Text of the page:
Home / Family Values / When Giving Up Isn’t an Option – An Interview with Allison Husfelt MacLean

When Giving Up Isn’t an Option – An Interview with Allison Husfelt MacLean


Allison Husfelt MacLean didn’t intend to be a single mother. It was thrust upon her with a shattering swiftness that still leaves her stunned almost three years later. And yet, she endured like a reluctant skydiver pushed from an airplane; she had no choice but to soar.

Their love story is a Southern classic. After a four-year courtship, Allison Husfelt and Andrew MacLean got married in May 2010. “I could talk Drew into doing just about anything. He’d say, ‘Okay, Allison, whatever you want if it makes you happy.’ Drew was the sweetest husband, and the most caring, considerate man,” Allison says with a faint smile.

“Even as a young adult, Drew was very conservative with his money, and always thought about the future,” Allison said. Despite his wife’s objections, Drew bought extra life insurance, when Allison felt their budget was already stretched thin. But it was this careful planning that allows Allison to be a stay-at-home mom today. Drew and Allison were in a devastating automobile accident in June of 2012. Allison was seven months pregnant with baby Ruby. Mother and child survived the trauma . Drew did not.

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When Allison went into labor, her sisters, mother, and mother-in-law were by her side. “During the birth process, I played a sort of mind game with myself, comparing my birth experience with that of military wives whose husbands could not be with them. Women have had to do this before me, I thought. I won’t be the first or the last. I was in a pure survival mode, and stayed that way for several months.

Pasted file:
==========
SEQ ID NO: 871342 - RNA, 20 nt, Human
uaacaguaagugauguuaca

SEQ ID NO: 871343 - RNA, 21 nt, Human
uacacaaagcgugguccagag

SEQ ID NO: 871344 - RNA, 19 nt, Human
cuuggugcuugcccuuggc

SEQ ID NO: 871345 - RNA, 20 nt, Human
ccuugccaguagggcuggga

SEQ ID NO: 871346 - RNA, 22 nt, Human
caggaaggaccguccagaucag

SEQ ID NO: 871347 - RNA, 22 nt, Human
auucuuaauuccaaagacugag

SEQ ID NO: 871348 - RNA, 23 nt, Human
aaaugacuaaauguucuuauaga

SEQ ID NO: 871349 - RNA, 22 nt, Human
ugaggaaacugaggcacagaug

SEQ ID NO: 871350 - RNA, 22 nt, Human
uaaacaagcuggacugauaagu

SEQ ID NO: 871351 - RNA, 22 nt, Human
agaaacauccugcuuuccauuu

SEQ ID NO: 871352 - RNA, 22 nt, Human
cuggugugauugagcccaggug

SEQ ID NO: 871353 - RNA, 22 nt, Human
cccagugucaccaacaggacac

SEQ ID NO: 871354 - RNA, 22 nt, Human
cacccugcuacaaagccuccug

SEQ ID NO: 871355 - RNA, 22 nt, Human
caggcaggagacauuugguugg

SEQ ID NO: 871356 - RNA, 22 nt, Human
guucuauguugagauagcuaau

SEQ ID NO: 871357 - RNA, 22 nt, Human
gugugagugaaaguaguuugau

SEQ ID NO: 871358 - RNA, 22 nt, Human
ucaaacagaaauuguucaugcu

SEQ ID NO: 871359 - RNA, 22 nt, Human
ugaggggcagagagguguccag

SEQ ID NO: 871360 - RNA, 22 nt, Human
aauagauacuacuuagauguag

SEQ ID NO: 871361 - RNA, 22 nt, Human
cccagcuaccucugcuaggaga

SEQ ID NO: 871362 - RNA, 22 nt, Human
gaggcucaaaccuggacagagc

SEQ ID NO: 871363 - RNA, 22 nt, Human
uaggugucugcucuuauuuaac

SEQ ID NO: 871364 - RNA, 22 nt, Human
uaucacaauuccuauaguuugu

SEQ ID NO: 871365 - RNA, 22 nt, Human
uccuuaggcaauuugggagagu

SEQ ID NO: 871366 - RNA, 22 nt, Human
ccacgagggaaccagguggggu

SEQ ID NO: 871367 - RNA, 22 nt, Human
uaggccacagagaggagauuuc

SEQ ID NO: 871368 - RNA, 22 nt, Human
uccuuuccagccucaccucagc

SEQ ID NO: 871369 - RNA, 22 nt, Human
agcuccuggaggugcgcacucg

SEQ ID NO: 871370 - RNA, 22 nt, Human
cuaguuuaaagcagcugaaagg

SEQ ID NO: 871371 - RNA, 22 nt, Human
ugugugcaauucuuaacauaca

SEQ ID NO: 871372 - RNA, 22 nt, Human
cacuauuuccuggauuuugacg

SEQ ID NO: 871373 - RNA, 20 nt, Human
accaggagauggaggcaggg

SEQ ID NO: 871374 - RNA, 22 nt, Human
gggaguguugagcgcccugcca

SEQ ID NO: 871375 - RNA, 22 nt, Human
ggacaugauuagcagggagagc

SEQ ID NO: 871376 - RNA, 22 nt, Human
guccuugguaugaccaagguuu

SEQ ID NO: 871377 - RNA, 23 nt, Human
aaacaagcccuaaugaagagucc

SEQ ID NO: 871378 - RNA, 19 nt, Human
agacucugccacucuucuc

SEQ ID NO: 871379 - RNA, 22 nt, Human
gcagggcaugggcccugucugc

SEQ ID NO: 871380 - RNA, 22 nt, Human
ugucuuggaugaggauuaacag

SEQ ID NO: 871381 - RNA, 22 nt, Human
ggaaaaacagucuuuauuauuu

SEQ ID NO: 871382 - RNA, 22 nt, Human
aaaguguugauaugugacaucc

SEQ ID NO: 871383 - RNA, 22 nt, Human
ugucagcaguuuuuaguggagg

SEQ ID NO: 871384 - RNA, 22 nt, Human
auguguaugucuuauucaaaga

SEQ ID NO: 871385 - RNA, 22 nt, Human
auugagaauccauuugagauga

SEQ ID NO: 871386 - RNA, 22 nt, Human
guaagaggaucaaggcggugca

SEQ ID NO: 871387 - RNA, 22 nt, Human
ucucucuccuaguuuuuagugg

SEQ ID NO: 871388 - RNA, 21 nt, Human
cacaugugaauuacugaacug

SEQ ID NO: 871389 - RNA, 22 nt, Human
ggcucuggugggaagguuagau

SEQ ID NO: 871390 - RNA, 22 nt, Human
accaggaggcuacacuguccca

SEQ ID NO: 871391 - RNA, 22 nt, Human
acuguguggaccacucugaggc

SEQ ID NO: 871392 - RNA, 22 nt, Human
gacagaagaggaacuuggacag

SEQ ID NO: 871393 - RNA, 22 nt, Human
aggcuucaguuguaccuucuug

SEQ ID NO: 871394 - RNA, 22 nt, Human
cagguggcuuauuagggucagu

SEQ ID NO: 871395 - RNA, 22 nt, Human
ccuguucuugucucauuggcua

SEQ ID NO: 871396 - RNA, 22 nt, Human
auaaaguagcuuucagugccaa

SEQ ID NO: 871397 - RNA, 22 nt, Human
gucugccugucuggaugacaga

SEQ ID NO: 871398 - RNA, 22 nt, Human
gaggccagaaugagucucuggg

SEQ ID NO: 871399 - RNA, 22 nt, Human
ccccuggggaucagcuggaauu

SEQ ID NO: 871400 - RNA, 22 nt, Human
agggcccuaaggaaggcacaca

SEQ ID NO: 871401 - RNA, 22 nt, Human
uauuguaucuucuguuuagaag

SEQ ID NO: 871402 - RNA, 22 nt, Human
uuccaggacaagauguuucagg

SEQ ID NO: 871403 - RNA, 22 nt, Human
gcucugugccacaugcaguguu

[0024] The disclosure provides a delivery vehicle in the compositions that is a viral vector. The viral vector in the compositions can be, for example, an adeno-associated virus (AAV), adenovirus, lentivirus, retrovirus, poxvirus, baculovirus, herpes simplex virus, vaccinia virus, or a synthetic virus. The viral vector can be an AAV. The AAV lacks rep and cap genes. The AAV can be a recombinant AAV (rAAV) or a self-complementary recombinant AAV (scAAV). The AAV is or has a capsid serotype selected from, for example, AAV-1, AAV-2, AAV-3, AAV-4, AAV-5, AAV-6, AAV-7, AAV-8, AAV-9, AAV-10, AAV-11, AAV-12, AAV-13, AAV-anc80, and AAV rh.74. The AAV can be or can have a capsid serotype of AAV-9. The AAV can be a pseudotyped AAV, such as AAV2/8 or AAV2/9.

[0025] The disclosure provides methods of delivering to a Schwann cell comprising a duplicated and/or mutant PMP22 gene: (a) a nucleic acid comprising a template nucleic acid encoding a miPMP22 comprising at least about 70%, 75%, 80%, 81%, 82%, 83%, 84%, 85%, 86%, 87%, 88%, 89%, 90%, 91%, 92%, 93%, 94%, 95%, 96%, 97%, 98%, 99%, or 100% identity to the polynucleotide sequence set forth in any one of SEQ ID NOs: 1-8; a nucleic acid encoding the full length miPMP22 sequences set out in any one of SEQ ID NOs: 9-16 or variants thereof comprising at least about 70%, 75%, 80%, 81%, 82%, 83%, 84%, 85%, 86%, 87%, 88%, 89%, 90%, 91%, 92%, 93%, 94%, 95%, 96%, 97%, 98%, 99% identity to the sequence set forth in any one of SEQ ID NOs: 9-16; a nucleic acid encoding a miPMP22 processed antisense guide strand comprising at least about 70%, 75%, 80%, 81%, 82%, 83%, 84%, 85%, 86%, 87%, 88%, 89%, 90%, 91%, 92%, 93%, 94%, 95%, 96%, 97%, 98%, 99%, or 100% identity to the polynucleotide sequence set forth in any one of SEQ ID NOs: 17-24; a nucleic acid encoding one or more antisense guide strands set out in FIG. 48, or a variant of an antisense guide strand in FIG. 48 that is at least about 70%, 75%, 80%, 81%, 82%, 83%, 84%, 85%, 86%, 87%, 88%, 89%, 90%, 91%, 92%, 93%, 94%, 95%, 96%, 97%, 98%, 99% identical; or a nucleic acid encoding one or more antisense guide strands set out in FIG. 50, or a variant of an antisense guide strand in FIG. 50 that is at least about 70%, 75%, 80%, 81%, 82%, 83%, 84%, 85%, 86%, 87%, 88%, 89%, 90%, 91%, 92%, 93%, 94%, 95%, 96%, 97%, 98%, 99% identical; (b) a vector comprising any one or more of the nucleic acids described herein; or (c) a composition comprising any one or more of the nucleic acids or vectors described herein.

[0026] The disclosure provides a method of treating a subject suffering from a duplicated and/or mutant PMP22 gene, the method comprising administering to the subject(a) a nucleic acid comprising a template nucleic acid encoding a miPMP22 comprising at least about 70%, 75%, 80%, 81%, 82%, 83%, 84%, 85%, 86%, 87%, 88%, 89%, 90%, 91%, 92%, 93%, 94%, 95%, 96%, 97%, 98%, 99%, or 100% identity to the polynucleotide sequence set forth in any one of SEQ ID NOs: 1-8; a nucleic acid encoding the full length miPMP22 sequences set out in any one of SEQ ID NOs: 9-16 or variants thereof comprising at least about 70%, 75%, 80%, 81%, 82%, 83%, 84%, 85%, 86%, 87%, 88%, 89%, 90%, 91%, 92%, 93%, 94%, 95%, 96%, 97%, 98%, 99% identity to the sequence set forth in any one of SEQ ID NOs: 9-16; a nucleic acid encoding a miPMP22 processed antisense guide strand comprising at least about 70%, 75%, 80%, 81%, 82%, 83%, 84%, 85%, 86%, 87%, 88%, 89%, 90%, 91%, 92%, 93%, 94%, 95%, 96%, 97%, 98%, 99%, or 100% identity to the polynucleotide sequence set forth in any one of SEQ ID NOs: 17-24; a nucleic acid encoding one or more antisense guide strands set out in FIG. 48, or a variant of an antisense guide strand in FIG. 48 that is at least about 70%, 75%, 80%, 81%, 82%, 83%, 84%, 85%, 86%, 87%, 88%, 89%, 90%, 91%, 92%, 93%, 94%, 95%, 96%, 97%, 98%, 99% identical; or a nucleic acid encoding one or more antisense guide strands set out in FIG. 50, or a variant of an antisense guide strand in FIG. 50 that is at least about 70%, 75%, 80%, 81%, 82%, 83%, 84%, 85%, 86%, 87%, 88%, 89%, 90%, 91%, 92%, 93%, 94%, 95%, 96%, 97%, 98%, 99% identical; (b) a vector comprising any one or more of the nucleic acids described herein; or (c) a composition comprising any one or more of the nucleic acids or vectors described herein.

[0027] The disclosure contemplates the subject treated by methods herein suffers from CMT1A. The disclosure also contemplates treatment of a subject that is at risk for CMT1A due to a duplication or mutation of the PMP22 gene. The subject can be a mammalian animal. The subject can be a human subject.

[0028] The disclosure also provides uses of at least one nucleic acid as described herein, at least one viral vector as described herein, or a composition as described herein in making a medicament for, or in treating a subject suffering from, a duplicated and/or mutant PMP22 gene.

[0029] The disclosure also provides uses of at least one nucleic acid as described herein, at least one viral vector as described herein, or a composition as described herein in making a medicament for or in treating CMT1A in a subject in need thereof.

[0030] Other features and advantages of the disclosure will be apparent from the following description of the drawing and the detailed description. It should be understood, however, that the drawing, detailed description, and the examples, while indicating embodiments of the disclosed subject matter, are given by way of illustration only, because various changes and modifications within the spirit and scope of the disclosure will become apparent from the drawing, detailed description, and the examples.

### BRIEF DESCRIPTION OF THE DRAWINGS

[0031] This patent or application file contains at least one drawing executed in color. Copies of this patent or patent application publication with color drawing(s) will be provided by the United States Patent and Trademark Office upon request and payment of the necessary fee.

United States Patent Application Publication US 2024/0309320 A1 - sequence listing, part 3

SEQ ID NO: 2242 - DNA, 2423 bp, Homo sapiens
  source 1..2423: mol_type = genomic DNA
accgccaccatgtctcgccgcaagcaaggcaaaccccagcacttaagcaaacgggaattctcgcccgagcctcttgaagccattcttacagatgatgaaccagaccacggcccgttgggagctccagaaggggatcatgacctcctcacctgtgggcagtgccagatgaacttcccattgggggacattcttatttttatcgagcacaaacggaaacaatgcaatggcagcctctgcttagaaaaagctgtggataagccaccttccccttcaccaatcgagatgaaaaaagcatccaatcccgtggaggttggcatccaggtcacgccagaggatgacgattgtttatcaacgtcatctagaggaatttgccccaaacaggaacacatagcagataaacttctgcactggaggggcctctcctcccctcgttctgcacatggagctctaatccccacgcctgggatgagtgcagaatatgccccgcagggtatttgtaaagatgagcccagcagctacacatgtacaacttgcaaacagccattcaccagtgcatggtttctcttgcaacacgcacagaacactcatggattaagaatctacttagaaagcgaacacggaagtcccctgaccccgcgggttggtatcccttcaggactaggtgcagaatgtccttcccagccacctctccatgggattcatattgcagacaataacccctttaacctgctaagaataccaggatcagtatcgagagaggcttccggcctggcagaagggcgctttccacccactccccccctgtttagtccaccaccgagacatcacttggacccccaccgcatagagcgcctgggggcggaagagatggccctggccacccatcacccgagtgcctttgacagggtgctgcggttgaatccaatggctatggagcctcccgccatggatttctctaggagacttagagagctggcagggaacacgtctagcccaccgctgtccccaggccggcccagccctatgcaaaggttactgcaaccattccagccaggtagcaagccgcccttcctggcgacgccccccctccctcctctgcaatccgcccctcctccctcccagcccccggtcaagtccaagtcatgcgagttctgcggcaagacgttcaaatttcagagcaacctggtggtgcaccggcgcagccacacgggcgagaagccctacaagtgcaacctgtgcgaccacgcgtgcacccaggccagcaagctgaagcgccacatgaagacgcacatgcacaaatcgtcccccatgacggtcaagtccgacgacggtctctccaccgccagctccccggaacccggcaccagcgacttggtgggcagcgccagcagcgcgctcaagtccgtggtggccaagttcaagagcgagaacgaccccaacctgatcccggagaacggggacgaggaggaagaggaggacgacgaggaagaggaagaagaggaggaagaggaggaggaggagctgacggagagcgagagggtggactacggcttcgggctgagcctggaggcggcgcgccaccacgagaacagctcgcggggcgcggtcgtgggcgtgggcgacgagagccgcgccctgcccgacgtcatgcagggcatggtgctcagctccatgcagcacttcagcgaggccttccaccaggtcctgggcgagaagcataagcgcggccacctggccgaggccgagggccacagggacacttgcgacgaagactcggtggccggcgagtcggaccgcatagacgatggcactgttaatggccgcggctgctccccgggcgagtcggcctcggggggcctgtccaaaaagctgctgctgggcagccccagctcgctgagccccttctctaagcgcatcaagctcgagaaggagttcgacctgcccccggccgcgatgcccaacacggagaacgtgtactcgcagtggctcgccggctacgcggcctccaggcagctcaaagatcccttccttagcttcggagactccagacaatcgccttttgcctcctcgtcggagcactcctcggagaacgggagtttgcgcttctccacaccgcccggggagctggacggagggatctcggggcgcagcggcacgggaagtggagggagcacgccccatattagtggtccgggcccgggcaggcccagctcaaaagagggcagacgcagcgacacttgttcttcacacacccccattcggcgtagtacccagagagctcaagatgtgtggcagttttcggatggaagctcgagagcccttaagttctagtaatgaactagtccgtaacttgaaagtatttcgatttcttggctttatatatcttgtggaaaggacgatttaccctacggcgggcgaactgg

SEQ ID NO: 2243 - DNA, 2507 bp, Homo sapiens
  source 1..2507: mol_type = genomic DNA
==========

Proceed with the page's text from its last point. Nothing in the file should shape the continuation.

“I found it almost impossible to cope with a new baby along with the heavy loss and heartache I was feeling following Drew’s death, but God granted grace for each day. Now, I almost feel guilty saying I’m a single mom, because I’ve had so much help. Ruby was born on August 31, and in December I can remember, when the emotional fog began to lift, saying to myself—Okay, I think I’ve got this. Up until that time my parents, sisters, and in-laws had taken turns taking care of me and my little girl.”

It was at this point that Allison began her “new normal” life.

“Drew and I had our lives all planned out. I had a preconceived notion about what the next few years would be like. Drew and I even had the names picked out for our first three children. Drew and I had begun to budget our monies more carefully, and even designated an envelope entitled ‘Adoption Fund’ because Drew wanted to adopt children as much as I did.

“When Ruby was not even a year old, I told my in-laws and parents that I was going to adopt. My parents were totally supportive, because they knew that if I say I’m going to do something, I’ve already made up my mind. My in-laws were baffled, and rightly so, they had questions . ‘What? Why? You already have one child.’

“My reasoning was simple—I really felt as if Ruby needed a sibling, and there was the sadness of missing out on the joy at the beginning of her life because there was so much heartache attached to it. Plus, Drew and I were so fortunate to grow up with live-in best friends, who just happened to be our siblings. So, my original plan was to adopt a little girl from Ethiopia.”

Andrew and Allison MacLean, Summer 2009

Andrew and Allison MacLean, Summer 2009

The reality is that international adoptions are not easy and it is very time consuming with paperwork and waiting for a child who has been released by the parents. It took Allison four months to complete the necessary dossier and turn it in, only to be told the organization with which she was trying to adopt was under indictment by the U.S. government.

“Evidently, they were trying to get children out too quickly and not following all the procedures on the birth-parent end,” Allison said. After I got the news of the indictment, I had to start all over again.”

Domestic adoptions had not been an alternative for Allison, because she was afraid she didn’t want to get close to the parents and risk them wanting to take the baby back. Then a friend introduced her to Bethany Christian Services.